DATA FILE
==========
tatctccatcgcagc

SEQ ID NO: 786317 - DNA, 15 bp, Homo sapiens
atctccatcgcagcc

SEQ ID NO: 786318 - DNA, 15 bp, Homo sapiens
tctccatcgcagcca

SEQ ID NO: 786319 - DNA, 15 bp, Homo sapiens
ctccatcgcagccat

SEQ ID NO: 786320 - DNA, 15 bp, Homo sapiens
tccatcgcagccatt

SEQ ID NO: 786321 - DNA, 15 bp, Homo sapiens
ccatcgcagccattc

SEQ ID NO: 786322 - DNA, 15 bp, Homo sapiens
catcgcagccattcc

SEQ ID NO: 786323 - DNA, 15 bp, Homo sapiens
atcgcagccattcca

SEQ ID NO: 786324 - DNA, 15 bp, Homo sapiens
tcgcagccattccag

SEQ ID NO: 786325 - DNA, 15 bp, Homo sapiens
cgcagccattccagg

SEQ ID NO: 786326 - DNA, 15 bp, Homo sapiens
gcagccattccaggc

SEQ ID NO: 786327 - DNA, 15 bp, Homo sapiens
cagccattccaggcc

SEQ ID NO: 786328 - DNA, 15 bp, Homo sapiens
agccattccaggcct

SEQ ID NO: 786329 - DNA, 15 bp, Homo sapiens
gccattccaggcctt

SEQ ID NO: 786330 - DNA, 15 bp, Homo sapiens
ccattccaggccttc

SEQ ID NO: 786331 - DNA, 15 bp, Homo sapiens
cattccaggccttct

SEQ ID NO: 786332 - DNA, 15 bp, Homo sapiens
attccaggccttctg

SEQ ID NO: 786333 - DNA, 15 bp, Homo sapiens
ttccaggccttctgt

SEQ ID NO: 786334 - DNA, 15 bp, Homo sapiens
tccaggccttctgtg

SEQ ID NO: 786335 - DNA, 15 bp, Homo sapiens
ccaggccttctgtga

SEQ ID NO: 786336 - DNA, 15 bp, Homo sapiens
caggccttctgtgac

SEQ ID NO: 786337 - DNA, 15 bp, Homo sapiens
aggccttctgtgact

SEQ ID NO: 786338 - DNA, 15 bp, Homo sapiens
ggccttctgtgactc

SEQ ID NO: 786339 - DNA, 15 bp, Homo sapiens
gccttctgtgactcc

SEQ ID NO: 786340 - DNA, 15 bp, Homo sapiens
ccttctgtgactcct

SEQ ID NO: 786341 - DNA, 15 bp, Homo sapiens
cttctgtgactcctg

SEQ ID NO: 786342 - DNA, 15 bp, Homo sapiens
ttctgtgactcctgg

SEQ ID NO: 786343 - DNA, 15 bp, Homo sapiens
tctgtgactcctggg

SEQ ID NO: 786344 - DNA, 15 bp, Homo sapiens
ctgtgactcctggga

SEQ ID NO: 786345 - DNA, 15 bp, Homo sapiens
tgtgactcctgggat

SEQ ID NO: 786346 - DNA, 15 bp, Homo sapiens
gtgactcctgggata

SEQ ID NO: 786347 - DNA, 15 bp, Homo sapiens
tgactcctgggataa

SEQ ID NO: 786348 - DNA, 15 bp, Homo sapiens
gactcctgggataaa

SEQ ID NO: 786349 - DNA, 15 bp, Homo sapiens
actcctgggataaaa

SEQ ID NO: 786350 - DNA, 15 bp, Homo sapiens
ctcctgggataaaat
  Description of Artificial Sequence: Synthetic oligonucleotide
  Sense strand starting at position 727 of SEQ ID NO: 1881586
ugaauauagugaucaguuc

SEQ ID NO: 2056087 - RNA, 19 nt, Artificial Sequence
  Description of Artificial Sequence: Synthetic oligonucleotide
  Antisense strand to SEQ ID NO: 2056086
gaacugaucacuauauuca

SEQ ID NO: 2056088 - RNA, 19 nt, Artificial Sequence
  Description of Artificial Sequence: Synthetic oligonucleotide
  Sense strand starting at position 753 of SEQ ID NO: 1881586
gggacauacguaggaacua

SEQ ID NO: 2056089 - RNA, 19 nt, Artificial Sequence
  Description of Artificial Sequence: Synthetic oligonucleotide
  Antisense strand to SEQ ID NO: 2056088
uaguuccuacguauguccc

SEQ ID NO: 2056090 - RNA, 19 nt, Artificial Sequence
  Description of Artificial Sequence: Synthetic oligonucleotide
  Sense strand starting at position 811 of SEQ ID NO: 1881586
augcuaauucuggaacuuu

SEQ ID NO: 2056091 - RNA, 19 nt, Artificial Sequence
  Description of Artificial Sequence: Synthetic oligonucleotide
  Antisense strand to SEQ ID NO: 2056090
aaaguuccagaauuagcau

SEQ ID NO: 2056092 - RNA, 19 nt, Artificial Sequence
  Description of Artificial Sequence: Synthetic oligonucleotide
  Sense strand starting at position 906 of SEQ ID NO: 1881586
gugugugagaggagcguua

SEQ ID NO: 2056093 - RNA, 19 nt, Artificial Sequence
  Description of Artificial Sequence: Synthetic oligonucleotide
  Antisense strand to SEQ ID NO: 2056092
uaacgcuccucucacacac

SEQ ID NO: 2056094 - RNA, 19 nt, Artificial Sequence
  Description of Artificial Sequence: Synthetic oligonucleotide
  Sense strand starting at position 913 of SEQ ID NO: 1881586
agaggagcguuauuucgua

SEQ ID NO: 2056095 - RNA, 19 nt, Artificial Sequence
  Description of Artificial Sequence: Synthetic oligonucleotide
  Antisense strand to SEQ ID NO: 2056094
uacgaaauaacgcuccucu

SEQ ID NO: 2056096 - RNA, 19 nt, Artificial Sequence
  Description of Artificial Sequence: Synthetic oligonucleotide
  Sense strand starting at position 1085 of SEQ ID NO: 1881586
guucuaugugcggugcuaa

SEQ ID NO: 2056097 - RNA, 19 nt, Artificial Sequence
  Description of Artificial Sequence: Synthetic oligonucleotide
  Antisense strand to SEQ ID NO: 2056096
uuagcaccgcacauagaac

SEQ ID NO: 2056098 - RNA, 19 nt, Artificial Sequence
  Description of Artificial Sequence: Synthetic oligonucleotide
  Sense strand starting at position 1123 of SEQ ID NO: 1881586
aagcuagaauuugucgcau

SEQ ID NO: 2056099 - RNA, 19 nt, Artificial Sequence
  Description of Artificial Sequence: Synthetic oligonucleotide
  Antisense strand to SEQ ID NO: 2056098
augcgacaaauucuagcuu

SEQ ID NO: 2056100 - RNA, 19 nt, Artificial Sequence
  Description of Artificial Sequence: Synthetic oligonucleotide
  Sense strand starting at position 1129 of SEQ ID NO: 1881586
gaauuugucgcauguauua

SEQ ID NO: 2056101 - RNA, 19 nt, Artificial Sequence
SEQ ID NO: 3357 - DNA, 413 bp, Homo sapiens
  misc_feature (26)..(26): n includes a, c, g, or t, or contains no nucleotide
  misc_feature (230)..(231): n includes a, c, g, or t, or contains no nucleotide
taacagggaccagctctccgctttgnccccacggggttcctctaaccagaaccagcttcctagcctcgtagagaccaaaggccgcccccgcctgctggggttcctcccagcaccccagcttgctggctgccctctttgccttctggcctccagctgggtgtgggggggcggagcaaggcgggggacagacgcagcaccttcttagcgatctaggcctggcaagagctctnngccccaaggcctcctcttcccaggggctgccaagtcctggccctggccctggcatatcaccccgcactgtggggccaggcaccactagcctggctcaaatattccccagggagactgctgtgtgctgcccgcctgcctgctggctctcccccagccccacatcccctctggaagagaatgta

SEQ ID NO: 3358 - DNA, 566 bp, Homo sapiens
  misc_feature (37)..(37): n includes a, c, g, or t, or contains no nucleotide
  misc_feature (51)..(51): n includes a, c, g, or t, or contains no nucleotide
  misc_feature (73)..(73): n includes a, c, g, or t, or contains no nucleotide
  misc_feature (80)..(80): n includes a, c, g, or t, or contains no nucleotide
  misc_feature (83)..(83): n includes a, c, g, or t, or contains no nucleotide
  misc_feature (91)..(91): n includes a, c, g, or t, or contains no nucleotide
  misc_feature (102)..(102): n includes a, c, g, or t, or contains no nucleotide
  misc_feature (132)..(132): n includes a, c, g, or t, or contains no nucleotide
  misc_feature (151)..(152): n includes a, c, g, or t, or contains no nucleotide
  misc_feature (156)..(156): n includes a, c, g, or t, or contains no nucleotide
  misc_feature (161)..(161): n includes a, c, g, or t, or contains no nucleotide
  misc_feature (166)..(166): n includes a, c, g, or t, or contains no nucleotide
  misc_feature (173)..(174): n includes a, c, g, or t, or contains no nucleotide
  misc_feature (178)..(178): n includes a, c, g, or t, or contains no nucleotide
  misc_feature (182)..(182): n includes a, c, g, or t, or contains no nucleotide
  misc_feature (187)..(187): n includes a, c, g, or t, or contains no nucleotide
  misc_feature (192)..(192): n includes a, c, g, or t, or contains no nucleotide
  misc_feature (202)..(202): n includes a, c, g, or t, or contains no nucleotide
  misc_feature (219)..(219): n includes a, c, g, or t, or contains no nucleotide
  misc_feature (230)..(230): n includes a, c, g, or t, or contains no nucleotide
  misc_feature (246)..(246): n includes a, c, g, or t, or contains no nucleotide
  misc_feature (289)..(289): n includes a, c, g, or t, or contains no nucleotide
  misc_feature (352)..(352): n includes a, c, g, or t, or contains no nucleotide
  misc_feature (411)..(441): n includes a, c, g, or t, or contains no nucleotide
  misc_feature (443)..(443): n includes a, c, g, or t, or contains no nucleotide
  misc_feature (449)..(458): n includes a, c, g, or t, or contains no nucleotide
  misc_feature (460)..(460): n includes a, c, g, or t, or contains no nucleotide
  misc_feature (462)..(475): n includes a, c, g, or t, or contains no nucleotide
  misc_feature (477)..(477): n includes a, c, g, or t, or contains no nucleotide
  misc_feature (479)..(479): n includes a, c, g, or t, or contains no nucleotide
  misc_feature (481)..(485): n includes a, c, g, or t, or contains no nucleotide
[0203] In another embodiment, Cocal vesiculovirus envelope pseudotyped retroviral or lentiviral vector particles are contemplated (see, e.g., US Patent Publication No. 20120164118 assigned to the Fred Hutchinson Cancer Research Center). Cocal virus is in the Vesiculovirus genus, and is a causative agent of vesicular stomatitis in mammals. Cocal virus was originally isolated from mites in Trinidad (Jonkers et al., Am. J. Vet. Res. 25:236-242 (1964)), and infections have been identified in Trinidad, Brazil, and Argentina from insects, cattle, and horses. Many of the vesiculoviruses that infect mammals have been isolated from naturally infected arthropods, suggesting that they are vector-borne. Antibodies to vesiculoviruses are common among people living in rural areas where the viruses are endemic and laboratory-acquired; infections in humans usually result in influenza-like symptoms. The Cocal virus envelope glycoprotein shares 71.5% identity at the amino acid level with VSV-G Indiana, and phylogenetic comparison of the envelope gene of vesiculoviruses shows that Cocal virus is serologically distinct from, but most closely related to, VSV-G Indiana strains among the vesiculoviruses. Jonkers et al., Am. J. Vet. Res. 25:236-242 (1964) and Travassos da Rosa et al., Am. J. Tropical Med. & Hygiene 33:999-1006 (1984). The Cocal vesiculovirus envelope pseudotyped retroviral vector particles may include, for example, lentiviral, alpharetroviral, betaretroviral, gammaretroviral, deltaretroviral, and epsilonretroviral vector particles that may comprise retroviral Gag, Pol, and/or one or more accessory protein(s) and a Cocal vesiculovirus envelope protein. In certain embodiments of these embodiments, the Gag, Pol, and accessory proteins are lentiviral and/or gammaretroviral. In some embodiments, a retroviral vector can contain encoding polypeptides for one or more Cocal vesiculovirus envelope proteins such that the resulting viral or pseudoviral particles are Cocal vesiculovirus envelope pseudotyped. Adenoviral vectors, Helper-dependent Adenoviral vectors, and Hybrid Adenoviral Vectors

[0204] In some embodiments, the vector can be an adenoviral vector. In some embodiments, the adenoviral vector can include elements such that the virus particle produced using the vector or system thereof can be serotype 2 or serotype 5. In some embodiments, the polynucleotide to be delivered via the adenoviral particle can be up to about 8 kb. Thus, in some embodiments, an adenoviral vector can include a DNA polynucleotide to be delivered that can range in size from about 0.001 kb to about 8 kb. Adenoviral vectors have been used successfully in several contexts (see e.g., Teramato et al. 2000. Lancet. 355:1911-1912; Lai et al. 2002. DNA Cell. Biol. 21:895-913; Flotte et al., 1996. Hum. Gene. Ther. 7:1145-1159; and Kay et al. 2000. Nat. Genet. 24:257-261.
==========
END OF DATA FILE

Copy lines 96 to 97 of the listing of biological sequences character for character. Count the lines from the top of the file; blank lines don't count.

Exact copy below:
gugugugagaggagcguua

SEQ ID NO: 2056093 - RNA, 19 nt, Artificial Sequence